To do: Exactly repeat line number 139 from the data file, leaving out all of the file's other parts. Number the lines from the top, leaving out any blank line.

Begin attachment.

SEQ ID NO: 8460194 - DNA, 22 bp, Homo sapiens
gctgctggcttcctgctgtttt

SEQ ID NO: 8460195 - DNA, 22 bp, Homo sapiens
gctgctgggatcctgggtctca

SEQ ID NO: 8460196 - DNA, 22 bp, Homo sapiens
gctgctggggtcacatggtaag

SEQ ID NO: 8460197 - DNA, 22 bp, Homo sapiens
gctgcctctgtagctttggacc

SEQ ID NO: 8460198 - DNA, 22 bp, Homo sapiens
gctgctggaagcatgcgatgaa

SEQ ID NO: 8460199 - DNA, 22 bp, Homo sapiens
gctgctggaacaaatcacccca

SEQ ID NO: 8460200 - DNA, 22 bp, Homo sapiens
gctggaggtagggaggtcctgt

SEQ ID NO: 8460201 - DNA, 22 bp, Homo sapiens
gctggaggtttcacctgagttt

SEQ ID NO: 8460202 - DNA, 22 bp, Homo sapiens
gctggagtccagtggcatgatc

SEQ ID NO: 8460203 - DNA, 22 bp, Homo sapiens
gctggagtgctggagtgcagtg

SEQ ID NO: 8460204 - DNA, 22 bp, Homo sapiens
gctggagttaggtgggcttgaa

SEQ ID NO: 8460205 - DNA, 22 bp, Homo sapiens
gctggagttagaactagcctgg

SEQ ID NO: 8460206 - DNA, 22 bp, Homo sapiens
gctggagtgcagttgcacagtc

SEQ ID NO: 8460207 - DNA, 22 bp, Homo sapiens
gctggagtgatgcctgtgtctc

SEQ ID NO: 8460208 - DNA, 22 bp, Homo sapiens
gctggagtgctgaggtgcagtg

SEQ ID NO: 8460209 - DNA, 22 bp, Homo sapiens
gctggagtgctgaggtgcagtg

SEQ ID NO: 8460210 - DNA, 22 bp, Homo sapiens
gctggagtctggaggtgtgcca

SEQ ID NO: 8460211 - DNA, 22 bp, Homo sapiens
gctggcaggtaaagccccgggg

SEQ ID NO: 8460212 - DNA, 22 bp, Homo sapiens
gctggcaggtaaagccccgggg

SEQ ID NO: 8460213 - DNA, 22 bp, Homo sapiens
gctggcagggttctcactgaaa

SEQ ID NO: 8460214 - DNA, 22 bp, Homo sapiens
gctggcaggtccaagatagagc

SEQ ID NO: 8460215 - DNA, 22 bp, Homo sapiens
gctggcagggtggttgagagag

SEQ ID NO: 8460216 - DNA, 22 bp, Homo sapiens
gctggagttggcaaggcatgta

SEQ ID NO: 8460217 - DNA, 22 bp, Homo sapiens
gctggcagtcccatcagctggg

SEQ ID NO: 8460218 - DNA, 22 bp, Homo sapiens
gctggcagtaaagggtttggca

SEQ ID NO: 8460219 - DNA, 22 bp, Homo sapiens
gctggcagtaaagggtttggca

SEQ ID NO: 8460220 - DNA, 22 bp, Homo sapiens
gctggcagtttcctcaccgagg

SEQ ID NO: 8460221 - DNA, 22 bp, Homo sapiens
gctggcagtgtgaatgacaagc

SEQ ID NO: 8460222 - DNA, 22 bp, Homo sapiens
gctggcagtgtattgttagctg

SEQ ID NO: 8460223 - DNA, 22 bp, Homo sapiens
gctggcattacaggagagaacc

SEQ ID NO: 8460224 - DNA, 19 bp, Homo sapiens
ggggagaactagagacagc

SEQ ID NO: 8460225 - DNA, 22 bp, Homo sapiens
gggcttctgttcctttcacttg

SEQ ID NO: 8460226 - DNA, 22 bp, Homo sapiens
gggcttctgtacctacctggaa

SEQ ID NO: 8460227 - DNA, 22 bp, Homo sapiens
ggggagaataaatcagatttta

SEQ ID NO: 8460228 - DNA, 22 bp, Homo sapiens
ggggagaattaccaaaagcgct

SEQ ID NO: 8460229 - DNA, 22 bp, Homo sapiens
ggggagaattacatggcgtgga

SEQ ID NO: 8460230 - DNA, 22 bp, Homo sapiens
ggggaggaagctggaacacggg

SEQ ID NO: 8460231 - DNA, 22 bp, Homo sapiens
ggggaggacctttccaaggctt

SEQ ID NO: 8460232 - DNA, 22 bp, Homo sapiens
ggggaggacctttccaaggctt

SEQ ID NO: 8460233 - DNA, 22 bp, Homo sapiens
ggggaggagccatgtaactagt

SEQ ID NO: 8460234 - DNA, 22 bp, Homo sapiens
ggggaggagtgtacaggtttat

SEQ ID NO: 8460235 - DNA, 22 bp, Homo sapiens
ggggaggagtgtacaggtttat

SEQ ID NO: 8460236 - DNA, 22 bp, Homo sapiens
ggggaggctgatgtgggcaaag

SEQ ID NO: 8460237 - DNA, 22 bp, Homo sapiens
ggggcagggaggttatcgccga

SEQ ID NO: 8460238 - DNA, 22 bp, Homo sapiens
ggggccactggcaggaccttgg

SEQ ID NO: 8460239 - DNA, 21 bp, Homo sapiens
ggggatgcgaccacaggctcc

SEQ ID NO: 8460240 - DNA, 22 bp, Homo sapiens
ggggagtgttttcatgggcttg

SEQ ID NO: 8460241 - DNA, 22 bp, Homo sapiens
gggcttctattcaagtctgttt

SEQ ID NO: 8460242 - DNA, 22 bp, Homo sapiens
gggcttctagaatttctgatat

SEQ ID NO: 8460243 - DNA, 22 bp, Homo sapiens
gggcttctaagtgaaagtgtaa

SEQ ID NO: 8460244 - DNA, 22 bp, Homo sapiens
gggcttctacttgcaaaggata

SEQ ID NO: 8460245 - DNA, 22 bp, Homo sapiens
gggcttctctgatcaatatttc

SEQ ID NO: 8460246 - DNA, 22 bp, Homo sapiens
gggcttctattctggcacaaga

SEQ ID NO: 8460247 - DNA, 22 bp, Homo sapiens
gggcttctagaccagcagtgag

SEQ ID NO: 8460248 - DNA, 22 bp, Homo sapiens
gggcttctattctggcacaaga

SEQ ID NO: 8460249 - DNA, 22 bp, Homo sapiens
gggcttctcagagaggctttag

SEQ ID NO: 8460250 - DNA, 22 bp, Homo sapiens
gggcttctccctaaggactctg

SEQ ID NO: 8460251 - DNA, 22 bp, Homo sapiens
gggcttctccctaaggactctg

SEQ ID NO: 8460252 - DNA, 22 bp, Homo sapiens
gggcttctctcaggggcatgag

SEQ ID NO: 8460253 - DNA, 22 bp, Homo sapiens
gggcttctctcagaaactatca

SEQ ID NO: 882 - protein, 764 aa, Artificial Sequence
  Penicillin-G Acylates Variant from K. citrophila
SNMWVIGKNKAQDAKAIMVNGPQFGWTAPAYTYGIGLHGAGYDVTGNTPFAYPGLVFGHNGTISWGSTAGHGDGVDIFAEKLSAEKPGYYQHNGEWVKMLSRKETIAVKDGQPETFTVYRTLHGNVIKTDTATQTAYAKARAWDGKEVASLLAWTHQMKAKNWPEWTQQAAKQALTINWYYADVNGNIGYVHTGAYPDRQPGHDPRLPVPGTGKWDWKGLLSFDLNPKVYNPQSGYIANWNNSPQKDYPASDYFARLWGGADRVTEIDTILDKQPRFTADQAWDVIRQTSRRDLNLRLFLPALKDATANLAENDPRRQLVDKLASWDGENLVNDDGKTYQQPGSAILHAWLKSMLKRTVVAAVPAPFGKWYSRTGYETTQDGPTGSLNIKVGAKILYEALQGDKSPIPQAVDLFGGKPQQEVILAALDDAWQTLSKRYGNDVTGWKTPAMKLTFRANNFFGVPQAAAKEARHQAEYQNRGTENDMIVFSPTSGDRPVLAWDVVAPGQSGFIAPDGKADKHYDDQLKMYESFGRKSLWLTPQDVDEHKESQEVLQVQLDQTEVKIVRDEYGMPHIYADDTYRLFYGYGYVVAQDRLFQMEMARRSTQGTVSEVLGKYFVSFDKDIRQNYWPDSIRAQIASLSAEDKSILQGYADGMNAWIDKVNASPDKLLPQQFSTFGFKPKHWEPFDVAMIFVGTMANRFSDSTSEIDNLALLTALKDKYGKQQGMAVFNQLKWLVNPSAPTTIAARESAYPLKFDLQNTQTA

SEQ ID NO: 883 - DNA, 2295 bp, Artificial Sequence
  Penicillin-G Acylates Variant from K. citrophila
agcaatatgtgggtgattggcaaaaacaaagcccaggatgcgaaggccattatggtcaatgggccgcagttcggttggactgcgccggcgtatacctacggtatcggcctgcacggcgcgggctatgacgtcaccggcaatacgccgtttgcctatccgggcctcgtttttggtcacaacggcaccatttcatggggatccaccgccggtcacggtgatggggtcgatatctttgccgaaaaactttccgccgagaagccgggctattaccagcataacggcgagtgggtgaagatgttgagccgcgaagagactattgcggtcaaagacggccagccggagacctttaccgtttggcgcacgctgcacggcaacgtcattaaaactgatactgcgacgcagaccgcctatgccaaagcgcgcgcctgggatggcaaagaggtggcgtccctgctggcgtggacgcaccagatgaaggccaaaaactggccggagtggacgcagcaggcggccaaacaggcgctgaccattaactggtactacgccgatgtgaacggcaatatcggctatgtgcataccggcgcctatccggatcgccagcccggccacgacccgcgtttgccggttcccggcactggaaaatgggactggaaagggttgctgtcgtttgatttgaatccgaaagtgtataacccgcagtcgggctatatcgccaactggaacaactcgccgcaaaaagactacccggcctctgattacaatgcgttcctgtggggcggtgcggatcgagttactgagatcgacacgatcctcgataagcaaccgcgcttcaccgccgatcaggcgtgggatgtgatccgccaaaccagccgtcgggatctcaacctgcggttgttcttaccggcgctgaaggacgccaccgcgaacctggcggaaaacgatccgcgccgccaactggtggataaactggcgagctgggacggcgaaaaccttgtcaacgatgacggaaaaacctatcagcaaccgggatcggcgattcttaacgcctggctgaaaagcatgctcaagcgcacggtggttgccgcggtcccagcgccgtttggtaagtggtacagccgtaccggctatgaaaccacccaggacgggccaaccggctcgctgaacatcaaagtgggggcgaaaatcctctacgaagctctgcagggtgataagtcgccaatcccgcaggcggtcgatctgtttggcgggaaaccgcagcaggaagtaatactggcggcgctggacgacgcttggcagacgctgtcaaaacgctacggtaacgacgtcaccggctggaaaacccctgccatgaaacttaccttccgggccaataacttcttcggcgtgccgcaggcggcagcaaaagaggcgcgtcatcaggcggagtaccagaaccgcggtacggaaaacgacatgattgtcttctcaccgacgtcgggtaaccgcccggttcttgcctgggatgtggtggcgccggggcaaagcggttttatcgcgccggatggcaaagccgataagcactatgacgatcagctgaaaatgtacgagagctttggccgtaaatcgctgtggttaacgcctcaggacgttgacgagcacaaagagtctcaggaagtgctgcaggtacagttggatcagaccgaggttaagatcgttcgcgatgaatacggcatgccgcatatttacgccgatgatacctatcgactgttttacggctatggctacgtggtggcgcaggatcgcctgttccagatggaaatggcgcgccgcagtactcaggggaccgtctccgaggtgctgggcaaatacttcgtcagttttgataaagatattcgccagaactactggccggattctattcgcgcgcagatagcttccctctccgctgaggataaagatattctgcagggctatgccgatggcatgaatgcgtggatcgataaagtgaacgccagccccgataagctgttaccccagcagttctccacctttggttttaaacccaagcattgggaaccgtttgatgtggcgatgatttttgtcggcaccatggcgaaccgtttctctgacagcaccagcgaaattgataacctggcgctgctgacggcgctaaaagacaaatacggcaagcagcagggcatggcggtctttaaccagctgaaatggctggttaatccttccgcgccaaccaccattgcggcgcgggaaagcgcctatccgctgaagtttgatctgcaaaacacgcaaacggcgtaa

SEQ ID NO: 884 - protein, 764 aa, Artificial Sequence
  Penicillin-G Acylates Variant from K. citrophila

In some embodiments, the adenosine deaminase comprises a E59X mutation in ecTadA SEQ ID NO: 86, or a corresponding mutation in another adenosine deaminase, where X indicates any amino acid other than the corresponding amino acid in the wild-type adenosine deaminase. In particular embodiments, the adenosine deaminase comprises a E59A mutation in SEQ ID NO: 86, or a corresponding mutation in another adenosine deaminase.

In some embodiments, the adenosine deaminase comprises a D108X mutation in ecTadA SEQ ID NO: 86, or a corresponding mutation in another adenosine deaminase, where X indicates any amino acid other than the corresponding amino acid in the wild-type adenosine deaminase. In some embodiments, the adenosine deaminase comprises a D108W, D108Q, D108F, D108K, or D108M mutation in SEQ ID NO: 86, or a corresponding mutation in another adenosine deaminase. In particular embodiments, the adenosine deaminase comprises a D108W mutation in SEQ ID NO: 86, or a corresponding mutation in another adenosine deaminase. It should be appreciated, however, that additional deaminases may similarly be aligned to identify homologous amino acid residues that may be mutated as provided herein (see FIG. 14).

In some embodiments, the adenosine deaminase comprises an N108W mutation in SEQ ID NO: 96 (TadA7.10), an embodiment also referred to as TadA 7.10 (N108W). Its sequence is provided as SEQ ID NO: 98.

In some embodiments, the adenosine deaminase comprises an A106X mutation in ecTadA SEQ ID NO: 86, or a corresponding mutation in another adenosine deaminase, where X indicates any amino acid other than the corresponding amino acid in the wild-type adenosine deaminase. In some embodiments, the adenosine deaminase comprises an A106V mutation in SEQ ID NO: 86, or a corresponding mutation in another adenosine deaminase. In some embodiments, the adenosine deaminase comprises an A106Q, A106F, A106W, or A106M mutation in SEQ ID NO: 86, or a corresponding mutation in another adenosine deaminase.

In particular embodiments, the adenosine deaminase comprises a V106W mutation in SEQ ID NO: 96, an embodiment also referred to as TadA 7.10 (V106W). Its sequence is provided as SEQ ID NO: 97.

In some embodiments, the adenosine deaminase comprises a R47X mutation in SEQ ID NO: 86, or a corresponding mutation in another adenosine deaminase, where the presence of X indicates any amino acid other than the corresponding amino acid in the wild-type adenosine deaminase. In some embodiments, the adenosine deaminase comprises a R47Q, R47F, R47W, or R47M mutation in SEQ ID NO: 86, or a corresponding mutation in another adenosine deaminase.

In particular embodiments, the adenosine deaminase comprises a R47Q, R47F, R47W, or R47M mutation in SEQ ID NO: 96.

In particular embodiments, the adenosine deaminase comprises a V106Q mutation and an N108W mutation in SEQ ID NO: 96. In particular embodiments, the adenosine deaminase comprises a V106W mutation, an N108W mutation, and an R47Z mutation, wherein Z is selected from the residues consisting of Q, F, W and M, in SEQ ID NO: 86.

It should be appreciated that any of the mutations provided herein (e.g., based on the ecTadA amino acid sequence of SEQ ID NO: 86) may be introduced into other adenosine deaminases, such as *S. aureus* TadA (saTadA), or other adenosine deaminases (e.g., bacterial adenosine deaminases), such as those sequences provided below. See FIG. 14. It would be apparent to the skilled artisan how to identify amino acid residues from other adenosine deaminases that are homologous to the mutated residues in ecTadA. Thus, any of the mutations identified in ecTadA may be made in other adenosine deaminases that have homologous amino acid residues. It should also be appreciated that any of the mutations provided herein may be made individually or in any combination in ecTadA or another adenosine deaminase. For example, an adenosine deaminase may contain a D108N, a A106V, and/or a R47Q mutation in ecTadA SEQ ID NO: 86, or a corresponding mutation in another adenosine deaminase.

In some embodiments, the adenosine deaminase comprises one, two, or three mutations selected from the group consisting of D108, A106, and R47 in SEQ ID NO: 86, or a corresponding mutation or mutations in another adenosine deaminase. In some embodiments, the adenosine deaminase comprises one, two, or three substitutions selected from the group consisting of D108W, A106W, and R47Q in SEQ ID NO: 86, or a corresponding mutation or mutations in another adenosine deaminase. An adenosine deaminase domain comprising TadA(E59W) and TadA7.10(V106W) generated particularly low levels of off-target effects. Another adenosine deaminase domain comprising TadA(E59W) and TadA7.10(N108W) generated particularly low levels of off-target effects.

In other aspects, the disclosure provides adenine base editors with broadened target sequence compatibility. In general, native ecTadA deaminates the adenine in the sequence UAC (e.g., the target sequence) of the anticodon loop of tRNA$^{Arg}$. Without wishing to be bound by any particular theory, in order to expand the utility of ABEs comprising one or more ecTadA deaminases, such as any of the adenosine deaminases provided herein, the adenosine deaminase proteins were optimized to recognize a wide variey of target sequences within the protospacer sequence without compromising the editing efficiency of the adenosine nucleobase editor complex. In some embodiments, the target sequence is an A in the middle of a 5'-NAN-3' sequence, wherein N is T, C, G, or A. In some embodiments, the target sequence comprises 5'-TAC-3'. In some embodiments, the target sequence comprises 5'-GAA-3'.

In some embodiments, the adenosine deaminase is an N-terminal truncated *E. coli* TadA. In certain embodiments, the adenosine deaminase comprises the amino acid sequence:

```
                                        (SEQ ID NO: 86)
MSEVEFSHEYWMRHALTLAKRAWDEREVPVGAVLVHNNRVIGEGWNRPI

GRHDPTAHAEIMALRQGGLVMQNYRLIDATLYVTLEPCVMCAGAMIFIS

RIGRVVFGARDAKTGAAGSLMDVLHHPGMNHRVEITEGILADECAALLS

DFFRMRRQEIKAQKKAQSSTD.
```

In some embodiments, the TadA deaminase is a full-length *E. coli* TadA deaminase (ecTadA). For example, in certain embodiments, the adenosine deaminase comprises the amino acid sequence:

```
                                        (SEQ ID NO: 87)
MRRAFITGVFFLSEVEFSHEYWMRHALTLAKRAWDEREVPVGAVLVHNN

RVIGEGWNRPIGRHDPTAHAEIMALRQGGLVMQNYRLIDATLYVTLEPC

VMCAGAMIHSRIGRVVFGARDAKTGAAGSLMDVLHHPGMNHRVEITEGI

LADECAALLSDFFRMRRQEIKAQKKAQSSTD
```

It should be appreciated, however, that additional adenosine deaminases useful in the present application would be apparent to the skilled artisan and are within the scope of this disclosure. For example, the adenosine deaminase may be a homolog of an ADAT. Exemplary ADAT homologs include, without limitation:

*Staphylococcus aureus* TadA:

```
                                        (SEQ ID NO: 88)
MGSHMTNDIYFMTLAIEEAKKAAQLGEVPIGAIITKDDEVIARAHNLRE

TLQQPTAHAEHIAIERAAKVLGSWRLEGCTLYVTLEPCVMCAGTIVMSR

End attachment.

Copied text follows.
In other aspects, the disclosure provides adenine base editors with broadened target sequence compatibility. In general, native ecTadA deaminates the adenine in the sequence UAC (e.g., the target sequence) of the anticodon loop of tRNA$^{Arg}$. Without wishing to be bound by any particular theory, in order to expand the utility of ABEs comprising one or more ecTadA deaminases, such as any of the adenosine deaminases provided herein, the adenosine deaminase proteins were optimized to recognize a wide variey of target sequences within the protospacer sequence without compromising the editing efficiency of the adenosine nucleobase editor complex. In some embodiments, the target sequence is an A in the middle of a 5'-NAN-3' sequence, wherein N is T, C, G, or A. In some embodiments, the target sequence comprises 5'-TAC-3'. In some embodiments, the target sequence comprises 5'-GAA-3'.